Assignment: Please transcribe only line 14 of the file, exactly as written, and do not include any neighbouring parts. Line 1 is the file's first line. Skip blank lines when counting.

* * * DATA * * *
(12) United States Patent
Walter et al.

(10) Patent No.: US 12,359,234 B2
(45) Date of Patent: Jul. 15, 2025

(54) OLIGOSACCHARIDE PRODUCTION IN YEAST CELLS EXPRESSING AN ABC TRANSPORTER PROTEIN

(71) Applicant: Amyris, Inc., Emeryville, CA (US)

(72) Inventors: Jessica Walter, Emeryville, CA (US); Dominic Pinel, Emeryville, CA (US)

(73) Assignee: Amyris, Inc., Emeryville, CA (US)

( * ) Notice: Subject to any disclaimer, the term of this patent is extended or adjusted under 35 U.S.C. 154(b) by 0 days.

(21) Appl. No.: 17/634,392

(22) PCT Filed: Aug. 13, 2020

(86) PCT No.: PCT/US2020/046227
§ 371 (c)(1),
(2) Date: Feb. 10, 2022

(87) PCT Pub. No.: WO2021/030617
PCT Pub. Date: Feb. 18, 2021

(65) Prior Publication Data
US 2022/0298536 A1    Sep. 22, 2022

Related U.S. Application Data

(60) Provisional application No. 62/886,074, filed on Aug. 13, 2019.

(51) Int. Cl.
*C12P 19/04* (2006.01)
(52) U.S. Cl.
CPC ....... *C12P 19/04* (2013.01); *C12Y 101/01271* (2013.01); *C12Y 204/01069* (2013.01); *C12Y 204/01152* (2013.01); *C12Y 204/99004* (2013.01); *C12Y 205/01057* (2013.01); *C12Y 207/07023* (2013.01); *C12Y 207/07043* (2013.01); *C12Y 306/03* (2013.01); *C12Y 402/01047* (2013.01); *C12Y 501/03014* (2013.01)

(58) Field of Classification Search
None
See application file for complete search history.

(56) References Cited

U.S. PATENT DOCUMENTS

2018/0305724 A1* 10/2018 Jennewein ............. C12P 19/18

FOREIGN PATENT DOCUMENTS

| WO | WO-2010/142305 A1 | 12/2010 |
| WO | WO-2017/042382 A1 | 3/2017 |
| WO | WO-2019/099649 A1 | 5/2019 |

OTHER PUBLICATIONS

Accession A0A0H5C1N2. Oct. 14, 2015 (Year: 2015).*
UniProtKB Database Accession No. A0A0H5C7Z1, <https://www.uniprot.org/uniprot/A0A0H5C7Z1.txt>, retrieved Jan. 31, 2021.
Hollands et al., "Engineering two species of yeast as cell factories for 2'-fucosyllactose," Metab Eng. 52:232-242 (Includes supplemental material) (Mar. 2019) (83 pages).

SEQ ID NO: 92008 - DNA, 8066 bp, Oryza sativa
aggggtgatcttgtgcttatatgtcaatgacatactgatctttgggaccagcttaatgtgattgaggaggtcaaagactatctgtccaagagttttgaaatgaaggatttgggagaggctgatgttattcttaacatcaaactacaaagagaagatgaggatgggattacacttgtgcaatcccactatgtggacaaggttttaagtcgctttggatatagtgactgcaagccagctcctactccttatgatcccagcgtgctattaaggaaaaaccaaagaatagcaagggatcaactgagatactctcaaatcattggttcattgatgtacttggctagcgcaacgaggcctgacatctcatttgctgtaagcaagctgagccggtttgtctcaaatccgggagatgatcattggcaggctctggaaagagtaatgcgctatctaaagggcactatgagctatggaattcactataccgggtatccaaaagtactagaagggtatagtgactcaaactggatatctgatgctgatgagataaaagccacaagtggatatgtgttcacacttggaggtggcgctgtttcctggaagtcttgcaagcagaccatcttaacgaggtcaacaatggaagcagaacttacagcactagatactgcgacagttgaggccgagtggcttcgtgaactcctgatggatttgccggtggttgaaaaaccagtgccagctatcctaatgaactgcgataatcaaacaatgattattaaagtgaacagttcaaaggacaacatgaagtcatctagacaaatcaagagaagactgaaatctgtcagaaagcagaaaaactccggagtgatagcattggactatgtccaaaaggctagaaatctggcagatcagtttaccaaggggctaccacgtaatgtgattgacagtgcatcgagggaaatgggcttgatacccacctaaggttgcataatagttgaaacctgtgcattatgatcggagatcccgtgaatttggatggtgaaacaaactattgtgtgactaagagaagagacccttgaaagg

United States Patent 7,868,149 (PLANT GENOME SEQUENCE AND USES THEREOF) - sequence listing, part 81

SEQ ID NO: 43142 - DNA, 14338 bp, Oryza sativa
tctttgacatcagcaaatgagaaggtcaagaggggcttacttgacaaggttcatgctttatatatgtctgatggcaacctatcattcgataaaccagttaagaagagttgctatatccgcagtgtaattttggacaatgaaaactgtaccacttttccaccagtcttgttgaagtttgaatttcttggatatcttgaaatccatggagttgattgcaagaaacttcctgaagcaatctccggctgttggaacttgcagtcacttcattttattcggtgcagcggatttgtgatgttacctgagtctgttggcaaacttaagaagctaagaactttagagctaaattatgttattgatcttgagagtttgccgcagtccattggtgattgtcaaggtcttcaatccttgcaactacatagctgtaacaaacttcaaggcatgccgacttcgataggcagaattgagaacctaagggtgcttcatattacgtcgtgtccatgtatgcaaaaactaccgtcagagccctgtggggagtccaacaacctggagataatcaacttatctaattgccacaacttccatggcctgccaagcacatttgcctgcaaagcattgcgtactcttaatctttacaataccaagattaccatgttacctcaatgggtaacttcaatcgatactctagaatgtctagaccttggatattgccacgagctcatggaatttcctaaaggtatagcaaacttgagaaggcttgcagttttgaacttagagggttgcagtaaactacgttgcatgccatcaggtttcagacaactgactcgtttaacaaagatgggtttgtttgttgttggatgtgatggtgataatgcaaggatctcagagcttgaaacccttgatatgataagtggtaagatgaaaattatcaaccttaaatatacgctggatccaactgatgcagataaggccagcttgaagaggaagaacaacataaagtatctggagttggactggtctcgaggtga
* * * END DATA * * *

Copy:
(2) Date: Feb. 10, 2022